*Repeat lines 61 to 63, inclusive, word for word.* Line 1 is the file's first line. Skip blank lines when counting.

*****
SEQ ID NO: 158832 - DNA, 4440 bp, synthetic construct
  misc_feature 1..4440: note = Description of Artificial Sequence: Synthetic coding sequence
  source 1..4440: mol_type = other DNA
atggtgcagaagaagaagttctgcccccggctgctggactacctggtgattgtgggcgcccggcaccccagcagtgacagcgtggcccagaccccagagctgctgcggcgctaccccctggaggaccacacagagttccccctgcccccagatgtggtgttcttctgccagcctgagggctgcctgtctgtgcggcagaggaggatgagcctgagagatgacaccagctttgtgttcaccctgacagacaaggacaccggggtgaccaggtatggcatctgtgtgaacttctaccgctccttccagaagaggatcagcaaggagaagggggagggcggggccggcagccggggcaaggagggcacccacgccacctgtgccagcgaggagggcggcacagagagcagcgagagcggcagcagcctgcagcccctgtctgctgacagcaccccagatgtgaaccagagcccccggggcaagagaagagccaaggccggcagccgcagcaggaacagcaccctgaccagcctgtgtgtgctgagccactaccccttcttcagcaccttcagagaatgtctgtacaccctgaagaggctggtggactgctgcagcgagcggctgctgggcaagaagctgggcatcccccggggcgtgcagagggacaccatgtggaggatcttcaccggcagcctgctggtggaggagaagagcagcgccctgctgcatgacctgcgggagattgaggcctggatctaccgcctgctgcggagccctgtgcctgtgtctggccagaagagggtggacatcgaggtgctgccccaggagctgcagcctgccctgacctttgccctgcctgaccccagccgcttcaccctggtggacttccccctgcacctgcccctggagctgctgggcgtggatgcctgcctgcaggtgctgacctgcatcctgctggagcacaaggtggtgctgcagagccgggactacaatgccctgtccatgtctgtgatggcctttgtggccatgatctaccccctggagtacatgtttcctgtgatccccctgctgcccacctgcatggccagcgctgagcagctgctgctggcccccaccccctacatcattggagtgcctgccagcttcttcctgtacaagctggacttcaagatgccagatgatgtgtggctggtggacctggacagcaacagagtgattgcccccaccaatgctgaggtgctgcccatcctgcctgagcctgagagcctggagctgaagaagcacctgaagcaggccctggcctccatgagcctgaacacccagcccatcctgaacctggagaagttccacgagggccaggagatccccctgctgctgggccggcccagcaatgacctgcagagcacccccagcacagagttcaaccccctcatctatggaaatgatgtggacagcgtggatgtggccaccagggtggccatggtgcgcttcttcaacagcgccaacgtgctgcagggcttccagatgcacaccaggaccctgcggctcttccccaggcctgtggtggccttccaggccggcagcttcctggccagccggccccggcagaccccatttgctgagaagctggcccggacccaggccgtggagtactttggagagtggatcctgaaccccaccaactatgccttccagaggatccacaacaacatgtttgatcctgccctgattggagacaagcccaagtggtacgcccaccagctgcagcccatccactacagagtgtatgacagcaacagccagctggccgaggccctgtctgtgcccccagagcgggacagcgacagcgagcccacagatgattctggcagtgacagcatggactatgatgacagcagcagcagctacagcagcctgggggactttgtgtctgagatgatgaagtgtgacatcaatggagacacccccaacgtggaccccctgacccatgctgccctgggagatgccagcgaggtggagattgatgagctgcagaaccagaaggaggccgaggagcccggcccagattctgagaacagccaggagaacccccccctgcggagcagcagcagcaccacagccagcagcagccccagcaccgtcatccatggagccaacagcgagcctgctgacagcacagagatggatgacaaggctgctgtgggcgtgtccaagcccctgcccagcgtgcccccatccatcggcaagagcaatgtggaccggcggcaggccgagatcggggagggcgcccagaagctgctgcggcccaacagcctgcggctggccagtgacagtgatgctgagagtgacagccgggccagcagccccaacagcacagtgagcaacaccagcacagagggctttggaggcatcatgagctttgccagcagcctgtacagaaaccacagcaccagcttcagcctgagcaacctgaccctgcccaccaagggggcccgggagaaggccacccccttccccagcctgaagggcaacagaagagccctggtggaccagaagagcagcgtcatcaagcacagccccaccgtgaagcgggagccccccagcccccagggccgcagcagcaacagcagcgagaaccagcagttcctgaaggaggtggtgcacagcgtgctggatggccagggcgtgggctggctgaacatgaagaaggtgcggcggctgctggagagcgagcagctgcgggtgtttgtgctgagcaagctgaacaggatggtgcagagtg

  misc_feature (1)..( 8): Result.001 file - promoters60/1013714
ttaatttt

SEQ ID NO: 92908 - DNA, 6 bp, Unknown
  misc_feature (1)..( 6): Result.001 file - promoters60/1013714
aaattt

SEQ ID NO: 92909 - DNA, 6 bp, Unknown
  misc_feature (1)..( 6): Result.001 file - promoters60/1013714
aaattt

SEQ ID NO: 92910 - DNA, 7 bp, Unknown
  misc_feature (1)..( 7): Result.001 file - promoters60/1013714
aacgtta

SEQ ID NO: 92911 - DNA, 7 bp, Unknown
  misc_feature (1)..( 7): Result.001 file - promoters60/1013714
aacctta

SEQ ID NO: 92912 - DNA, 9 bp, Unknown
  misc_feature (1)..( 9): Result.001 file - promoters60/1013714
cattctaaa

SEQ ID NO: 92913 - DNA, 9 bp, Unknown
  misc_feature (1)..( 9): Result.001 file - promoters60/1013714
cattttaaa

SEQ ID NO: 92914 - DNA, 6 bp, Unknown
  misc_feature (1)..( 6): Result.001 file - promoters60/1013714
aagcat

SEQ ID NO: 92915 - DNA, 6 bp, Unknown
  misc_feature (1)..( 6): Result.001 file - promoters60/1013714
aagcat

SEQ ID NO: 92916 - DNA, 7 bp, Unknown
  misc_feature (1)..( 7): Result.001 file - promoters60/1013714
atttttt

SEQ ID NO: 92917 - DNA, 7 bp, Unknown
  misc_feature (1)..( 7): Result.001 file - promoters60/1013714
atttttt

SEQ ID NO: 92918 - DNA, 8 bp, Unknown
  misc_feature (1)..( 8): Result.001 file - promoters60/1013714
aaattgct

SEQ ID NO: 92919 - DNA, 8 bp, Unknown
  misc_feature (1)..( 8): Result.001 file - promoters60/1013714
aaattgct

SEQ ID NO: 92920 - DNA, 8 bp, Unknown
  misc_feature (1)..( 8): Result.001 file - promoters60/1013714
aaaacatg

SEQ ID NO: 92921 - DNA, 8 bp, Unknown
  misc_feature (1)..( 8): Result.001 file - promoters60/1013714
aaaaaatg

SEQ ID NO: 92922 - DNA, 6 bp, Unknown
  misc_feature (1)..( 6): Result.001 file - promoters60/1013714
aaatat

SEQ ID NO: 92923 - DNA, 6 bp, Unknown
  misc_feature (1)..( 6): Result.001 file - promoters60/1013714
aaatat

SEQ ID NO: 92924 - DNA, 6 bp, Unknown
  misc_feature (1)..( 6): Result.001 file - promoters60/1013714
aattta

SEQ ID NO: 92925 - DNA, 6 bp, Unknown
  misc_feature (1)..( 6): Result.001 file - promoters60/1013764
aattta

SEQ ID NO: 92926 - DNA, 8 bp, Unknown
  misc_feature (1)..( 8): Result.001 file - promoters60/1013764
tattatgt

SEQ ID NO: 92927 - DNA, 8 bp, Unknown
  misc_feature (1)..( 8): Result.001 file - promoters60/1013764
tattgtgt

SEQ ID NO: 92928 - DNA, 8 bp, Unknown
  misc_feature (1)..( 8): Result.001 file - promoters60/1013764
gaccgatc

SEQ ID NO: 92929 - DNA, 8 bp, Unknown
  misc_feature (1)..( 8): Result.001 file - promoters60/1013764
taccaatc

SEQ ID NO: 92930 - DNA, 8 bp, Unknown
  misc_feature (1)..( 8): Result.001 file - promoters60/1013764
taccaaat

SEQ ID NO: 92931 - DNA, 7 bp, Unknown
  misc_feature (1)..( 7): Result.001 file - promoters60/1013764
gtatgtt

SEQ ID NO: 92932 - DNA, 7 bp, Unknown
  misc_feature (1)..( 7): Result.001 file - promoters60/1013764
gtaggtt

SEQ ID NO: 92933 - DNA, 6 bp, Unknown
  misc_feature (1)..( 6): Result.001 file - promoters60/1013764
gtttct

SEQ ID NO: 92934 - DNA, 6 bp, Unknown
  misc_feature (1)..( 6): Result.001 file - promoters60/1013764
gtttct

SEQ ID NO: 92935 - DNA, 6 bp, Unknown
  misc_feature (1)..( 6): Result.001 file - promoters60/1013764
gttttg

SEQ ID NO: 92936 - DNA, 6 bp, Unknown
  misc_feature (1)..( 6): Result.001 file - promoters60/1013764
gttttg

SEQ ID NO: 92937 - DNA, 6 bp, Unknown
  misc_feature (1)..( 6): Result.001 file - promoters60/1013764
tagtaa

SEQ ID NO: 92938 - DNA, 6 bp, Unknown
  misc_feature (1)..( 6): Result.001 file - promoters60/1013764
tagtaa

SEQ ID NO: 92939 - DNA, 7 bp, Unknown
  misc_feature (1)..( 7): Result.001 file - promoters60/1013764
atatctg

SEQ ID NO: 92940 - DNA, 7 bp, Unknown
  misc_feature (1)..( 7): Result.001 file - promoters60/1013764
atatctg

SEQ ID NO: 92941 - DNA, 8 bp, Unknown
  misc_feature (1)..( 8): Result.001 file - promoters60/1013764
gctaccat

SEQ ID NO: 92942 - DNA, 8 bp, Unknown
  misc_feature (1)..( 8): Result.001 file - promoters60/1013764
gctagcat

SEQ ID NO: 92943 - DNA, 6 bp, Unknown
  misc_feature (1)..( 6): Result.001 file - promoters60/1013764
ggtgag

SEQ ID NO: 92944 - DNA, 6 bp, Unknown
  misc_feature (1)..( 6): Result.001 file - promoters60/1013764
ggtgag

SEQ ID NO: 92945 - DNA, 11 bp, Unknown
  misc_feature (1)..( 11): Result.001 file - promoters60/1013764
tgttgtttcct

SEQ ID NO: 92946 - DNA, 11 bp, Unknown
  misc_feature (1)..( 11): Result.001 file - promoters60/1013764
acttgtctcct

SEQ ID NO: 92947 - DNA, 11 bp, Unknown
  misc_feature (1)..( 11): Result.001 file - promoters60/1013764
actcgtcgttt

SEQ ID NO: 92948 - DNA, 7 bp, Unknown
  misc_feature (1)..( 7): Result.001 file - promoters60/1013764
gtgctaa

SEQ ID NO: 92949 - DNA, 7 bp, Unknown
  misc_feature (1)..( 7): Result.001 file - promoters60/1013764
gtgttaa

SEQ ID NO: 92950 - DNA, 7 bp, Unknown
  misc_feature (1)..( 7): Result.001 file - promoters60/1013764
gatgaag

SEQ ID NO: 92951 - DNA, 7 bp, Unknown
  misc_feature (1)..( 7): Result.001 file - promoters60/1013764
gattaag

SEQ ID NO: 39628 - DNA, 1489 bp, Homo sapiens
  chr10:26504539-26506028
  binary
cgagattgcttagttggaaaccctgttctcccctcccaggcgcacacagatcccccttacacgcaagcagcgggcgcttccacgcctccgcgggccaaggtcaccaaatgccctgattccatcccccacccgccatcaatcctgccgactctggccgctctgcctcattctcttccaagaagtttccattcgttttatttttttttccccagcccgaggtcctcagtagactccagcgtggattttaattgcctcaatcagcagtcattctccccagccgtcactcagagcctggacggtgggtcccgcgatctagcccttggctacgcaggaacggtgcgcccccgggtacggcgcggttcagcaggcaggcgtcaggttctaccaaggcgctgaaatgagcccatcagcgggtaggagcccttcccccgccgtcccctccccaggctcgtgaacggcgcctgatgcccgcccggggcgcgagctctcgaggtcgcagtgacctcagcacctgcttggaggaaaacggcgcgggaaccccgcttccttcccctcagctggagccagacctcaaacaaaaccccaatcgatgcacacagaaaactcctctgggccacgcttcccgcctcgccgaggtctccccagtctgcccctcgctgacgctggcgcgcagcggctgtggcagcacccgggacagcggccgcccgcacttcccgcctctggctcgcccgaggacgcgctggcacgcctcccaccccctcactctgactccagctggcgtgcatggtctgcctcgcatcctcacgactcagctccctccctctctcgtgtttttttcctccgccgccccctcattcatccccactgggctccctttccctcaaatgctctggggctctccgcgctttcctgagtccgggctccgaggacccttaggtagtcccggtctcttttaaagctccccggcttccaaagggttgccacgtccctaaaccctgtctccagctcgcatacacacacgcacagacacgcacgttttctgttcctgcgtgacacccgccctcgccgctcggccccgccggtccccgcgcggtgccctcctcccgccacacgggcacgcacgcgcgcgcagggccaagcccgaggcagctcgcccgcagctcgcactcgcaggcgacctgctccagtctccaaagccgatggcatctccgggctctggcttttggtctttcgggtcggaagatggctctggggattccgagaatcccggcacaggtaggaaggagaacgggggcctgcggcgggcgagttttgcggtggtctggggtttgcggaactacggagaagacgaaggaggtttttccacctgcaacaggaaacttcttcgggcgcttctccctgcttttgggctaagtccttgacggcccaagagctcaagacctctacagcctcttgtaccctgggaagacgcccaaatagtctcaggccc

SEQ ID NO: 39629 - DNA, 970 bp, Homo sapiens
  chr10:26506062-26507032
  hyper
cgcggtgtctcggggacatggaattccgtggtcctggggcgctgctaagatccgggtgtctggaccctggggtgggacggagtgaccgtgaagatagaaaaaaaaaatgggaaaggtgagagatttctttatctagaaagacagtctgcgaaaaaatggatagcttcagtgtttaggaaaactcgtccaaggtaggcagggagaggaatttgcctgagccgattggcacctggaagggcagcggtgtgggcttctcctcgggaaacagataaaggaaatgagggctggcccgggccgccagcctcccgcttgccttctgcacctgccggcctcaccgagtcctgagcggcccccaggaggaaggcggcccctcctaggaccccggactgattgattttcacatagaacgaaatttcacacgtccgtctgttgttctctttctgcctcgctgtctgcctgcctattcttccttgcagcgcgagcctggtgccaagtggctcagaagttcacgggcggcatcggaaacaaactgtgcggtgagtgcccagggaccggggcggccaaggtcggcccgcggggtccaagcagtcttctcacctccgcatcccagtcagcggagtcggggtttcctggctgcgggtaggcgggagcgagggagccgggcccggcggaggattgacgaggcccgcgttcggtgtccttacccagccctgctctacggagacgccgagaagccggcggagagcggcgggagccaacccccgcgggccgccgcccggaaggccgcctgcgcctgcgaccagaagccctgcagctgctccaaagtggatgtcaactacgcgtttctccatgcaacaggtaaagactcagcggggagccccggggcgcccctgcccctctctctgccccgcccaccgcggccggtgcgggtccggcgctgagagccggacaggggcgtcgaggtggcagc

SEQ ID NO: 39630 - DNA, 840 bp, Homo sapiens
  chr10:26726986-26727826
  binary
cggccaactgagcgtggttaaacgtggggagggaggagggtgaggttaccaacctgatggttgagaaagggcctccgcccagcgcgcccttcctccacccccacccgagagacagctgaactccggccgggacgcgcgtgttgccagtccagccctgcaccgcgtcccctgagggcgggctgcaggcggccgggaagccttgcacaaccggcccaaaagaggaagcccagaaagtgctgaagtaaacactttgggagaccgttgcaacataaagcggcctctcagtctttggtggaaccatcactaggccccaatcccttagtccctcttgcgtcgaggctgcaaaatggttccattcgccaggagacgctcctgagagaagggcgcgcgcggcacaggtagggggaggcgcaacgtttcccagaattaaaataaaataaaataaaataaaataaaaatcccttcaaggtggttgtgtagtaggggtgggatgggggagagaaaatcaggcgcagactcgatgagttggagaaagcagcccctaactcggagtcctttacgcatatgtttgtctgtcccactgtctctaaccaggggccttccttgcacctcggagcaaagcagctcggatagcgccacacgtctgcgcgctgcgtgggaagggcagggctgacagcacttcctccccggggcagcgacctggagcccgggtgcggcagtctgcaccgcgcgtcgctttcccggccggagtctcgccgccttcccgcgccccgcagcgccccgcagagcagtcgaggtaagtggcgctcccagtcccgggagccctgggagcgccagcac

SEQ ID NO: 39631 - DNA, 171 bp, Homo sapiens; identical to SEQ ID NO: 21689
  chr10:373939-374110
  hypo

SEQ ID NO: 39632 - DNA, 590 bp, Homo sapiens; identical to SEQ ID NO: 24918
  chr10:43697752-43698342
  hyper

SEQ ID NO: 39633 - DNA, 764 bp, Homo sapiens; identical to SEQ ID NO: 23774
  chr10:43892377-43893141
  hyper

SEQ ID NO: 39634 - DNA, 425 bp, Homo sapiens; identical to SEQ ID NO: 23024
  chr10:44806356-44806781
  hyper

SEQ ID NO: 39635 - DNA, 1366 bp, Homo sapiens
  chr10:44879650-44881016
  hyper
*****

SEQ ID NO: 92926 - DNA, 8 bp, Unknown
  misc_feature (1)..( 8): Result.001 file - promoters60/1013764
tattatgt